A Blues musician on the Gulf Coast in Mississippi, Steve Warren, shares his thoughts on Coronavirus, living as a professional gig musician, and life on the coast. A conversation with a gulf coast friend, a familiar face playing at IP Casino’s Chill Ultra Lounge & Thirty Two Lounge, and on Sunday’s at Murky Waters, Ocean Springs.
Steve, I appreciate your time, and thanks for talking with me.
Steve Warren: “Thanks for the invite to shed some light on the local music scene, past, present, and future.”
Do you feel the events of the past month will change the music on the coast? And, just playing out in general?
Steve Warren: “I was one of the many to be the first out of work. At this rate, musicians will probably be some of the last people getting back to work. People want to live entertainment, it is evident on social media. We will never lose our Coast vibe, but we will benefit from an explosion of creativity, concepts, and ideas. Even, if we’re six feet apart at first.”
You have been through disasters on the coast from hurricane Katrina, and now Coronavirus. What are your thoughts on how this differs?
Steve: “Hurricane Katrina had its essential workers, I was knocked out of work for quite some time. It was a regional disaster that the world was only aware of. Immediately, I took a job helping people rebuild and clean up. I went back to work at Pinkston’s Music shortly after that. We came back even stronger. Then, I wrote and recorded “Katrina Blues”. Today, this is uncharted territory for everyone. The guidelines that were set forth, as a result, have absolutely sidelined the music world, and gig economy workers in general. We are still essential [laughs], but will need to navigate new ways to remain in the loop.”
You are home with family. You must have a story about being home with your young daughter, Leah, now with schools closed?
Steve: “Kids need the interaction, so it’s unfortunate. Online schooling was a bit of a learning curve, but we are set into a rhythm with it now since the process has been streamlined. The teachers have done a great job. I know they miss their students, too. We’re ok with quarantine. I’m getting a lot of stuff done that I have been putting off for years. Now we have nothing but time, it seems. She loves online video meetings with her teacher and classmates. I’m sure this will be a time that she never forgets.”
Let’s talk about the Blues and the Steve Warren Band.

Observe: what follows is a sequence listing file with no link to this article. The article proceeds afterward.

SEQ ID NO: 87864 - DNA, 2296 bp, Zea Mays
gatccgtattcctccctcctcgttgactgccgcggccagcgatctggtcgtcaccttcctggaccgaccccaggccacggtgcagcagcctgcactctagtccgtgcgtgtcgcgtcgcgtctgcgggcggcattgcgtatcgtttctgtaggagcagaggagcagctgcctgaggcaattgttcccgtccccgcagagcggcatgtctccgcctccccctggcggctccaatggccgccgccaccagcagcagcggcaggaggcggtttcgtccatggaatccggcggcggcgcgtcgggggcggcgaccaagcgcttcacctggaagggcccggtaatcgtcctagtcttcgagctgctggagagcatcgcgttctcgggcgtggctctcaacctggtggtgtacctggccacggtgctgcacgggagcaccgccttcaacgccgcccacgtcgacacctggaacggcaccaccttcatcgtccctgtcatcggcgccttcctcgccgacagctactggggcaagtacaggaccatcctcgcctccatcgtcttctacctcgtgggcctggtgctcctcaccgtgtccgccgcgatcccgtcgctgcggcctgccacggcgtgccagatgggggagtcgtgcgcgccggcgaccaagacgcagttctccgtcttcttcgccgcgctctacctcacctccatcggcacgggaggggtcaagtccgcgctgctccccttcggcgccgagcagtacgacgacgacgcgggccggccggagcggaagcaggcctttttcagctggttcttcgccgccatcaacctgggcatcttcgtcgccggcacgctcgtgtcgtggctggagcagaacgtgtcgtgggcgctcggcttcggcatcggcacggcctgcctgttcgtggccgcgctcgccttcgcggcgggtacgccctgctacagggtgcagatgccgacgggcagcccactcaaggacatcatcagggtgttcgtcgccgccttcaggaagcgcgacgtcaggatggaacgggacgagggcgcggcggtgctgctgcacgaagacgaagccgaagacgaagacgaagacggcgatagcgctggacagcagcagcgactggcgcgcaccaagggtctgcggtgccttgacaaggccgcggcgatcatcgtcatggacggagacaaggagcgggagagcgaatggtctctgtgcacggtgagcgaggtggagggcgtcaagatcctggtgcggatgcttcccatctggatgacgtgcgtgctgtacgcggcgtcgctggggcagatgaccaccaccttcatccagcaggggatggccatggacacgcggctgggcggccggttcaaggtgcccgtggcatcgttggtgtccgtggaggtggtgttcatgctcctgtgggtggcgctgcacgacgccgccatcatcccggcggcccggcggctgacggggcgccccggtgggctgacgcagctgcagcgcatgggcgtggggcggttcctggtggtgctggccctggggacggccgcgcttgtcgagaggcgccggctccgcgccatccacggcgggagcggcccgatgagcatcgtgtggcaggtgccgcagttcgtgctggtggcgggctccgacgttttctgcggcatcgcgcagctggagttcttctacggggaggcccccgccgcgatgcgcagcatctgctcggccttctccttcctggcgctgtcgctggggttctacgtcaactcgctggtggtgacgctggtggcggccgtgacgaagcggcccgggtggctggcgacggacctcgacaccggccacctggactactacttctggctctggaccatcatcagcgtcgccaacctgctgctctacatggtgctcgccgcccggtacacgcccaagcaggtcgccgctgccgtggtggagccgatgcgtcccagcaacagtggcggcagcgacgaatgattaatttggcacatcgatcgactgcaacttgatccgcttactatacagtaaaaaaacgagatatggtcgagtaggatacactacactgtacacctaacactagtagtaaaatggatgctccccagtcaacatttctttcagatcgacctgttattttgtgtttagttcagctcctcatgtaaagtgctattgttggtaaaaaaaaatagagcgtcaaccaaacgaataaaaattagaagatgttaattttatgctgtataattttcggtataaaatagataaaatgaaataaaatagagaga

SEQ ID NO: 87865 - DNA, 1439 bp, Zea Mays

Steve: “To me, Blues is synonymous with music, real music, the music of any style. You may have to dig deep, but you can find it. Just think of its origins, from a distant continent to a Delta cotton field. You wouldn’t have Eric Clapton without it. Hendrix was on it from the very beginning. He played his own version of the Blues, especially with Band of Gypsys. It’s just so earthy, soulful, and funky. You can tell when anything is from the heart. And that’s what I love about Blues, and music in general.”
You have been playing with Seadon Faulkner (bass) and Roy Swanson (drums) for years, have you remained in touch while staying home?
Steve: “Yes, we have definitely been in touch, on a weekly basis. We miss the stage, so we’ve been talking about how things may play out in the future, both socially and musically. Aside from jamming, I know we miss the hanging out, talking music, and joking.”
For years, you have been playing, how do you keep motivated artistically?
Steve: “Motivation comes from both good and bad experiences. People are getting very creative during the lockdown, and that’s good. However, most early Blues artists were, at times, motivated by negative or unfortunate circumstances. I think loving life keeps people motivated. Getting through hard times can certainly compel anyone to work harder. And, if art is your work, you don’t really see it as ‘work’.”
You started playing as a child. What inspired you to pick up the guitar?
Steve: “Between ages nine and ten, music was something I gravitated to even before then. I remember my mom listening to WTIX, a local radio station, while we were getting ready for school in the mornings. The music I was exposed to then is some of the music I still enjoy now, and appreciate even more today. My dad had an awesome Yamaha stereo system with Bose speakers, on which I listened to my “45” records of Queen, and cassette tapes of Beastie Boys. I played along with a tennis racquet and jumped off the couch, imagining I was on stage. In retrospect, I have always traced the music I love back to the Blues. However, I didn’t realize it until my late teenage years, playing Jimi Hendrix, Stevie Ray Vaughan, and Metallica. I wouldn’t have heard of Hendrix or Metallica at that time if it weren’t for my older brother’s music collection.”
What words do you have for your fans that are stuck home, and are unsure about the future?
Steve: “Be prepared for anything. Some will have a new lease on life. Be at pole position. Be ready. Be patient. Don’t be afraid to ask for help, whatever it may be. And take care of yourself and others.”
The stay at home order has shut down Steve’s stage, like so many across our country and the world, yet he remains positive. He waits for the stages to reopen. “For me,” Steve said, “my motivation is playing to a live audience, people who want to receive the song.” I think we all would like to be sitting listening to live music now and will appreciate it more when we can.